New professor brings more poetry, math, digital humanities to ASU
The College of Liberal Arts and Sciences' new assistant professor, Jacqueline Wernimont, brings much more than English to Arizona State University's Department of English.
As an assistant professor of English at Scripps College in California, Wernimont focused on 16th- and 17th-century British literature, mathematics, history of science and digital humanities. She has been a pioneer in areas where feminism and digital humanities intersect, participating in creative efforts such as the world’s first Distributed Online Collaborative Course, a feminist response to Massively Open Online Courses (MOOCs), and the Feminist Scholars Digital Workshop.
One past result of her interdisciplinary interests was an experiment she conducted with a student to transform a poem into an algorithm, and then into a 3-D object.
“There is a sense that humanities are in many ways late to the digital game,” says Wernimont, “and while digital humanities is a relatively new field, questions about relationships of technology to humanistic inquiry aren’t new at all. They date back at least to Plato’s concern with the value of poetry.”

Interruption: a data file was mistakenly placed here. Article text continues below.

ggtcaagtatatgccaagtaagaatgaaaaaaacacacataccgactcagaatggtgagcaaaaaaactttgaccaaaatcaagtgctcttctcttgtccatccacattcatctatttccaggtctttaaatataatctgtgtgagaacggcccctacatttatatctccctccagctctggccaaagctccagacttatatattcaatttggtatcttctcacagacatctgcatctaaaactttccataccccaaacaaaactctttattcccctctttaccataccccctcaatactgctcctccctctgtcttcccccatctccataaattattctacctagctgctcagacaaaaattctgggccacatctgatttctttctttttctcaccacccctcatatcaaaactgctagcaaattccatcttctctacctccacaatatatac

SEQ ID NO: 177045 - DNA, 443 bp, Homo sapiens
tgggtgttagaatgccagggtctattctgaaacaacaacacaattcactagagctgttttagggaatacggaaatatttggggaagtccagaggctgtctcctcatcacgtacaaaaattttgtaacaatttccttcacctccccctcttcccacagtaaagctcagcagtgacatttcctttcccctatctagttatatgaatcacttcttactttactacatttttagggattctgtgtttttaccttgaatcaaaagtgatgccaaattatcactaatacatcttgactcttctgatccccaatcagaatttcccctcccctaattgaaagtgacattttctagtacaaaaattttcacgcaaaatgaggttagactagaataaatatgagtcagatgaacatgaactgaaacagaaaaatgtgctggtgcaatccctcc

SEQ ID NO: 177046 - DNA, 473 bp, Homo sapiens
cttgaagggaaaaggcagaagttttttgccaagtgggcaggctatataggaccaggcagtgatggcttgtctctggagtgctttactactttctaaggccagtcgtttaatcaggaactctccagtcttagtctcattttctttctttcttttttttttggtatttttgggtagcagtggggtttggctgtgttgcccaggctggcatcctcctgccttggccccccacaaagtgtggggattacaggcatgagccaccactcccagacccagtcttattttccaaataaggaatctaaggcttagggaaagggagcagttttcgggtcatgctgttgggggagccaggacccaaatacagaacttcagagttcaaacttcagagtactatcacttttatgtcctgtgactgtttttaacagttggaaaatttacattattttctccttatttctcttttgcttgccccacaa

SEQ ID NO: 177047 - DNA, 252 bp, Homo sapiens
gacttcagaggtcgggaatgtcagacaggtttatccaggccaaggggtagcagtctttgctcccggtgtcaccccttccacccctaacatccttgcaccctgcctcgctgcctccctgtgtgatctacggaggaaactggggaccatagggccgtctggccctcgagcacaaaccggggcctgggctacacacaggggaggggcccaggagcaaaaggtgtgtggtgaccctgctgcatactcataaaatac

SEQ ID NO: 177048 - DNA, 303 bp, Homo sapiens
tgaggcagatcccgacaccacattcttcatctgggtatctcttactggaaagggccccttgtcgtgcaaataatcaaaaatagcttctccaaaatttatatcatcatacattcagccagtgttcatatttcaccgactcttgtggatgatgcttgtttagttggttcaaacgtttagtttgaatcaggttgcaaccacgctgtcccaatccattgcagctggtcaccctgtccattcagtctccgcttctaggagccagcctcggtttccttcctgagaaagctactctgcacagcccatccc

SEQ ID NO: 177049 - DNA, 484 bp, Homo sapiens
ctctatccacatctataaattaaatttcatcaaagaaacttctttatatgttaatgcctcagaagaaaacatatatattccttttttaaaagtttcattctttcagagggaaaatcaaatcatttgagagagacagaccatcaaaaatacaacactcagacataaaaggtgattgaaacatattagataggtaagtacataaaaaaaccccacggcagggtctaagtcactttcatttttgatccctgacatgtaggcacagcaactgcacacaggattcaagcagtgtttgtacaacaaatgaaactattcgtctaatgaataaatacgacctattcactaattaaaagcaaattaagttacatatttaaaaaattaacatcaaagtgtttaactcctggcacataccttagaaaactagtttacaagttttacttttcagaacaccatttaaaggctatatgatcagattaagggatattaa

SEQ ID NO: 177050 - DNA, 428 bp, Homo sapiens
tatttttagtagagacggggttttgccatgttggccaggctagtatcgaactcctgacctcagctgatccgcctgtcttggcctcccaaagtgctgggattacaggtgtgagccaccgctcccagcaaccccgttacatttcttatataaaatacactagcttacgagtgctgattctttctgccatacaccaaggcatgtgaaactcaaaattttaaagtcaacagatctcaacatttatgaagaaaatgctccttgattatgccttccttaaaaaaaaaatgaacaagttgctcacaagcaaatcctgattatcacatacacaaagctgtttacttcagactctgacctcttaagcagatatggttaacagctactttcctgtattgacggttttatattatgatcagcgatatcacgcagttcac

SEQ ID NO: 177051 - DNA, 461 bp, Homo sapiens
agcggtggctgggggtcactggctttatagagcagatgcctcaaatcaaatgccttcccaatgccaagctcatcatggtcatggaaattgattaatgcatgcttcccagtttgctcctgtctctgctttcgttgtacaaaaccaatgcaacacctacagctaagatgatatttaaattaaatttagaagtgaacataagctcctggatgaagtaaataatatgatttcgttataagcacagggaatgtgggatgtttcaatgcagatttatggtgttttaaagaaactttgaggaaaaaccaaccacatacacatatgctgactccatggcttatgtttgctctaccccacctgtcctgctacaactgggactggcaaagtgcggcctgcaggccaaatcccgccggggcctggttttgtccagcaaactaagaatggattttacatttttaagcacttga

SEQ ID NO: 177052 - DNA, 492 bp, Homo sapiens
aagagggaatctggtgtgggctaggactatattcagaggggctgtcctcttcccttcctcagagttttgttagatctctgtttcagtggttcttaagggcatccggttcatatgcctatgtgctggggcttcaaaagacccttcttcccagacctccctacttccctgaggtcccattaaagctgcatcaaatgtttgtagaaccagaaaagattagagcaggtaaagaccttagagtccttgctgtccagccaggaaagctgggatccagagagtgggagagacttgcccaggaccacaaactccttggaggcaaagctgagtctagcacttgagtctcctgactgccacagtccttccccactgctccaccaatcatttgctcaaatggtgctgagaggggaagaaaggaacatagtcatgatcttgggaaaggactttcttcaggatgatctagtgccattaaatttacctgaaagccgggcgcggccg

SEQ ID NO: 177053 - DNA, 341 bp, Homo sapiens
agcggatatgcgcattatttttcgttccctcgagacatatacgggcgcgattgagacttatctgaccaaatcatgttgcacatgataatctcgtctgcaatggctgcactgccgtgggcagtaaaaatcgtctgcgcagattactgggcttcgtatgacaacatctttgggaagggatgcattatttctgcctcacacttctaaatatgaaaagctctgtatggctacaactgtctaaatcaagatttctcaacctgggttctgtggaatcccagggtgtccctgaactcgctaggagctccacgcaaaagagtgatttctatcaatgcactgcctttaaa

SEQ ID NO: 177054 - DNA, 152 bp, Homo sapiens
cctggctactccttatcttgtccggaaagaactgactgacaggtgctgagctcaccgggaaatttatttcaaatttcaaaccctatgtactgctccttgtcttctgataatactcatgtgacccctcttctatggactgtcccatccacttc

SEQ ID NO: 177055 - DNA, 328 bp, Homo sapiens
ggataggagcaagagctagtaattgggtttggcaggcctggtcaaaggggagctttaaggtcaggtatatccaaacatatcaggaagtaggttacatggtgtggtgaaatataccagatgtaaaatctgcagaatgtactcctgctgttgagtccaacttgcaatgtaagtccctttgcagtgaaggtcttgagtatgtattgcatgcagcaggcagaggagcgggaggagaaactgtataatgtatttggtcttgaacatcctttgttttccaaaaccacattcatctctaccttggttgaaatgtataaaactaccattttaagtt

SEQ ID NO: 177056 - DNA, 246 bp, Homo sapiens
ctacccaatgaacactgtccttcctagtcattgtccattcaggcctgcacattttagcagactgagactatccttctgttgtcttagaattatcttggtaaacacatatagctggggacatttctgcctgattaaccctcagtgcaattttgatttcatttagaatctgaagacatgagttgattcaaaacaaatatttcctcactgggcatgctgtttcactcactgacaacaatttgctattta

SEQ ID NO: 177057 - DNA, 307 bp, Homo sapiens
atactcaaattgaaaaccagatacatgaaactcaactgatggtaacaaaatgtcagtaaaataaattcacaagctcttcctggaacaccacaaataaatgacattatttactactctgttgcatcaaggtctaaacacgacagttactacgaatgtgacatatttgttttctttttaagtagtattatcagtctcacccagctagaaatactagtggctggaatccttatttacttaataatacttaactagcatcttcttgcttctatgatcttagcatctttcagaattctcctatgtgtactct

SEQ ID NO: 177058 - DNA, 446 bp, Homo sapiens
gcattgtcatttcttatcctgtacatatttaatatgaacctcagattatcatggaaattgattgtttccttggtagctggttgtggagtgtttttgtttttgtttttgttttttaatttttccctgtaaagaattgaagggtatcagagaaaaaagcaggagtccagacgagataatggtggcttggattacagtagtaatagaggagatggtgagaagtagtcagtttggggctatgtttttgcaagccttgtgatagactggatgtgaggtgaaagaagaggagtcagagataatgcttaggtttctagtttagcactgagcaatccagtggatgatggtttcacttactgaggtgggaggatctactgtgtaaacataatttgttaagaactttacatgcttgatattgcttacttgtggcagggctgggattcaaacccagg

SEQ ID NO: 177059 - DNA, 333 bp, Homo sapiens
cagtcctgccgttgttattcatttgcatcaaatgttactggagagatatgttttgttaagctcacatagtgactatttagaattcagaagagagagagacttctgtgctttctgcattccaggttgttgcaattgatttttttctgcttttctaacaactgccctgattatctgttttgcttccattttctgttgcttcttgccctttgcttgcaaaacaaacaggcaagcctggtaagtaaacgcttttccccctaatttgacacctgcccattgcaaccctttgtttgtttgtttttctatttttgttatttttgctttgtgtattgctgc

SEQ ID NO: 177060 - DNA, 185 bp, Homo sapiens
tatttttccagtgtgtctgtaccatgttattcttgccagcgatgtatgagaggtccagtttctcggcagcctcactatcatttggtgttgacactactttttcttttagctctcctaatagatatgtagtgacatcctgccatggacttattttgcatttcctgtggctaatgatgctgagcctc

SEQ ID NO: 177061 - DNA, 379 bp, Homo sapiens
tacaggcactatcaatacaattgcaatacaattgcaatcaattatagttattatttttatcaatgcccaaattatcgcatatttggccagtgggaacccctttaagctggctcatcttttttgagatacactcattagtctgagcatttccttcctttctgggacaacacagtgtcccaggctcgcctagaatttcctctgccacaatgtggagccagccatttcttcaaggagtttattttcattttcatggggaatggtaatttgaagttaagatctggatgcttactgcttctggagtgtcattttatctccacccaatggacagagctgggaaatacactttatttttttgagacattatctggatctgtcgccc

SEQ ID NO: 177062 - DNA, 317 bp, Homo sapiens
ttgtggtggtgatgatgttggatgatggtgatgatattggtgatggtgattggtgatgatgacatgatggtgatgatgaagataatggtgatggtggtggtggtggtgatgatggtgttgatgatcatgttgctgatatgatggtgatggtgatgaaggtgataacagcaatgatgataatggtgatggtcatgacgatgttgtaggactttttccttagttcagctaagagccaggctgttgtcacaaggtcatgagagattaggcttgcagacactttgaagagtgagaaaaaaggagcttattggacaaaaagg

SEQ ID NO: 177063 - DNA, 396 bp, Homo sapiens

Wernimont looks forward to continuing these types of conversations and working with ASU students in the true spirit of interdisciplinarity at the New American University. She earned her bachelor's from the University of Iowa and her master's and doctorate from Brown University.
The School of Historical, Philosophical and Religious Studies and the Department of English are academic units in the College of Liberal Arts and Sciences at Arizona State University.
Written by Beatriz Kravetz, email@example.com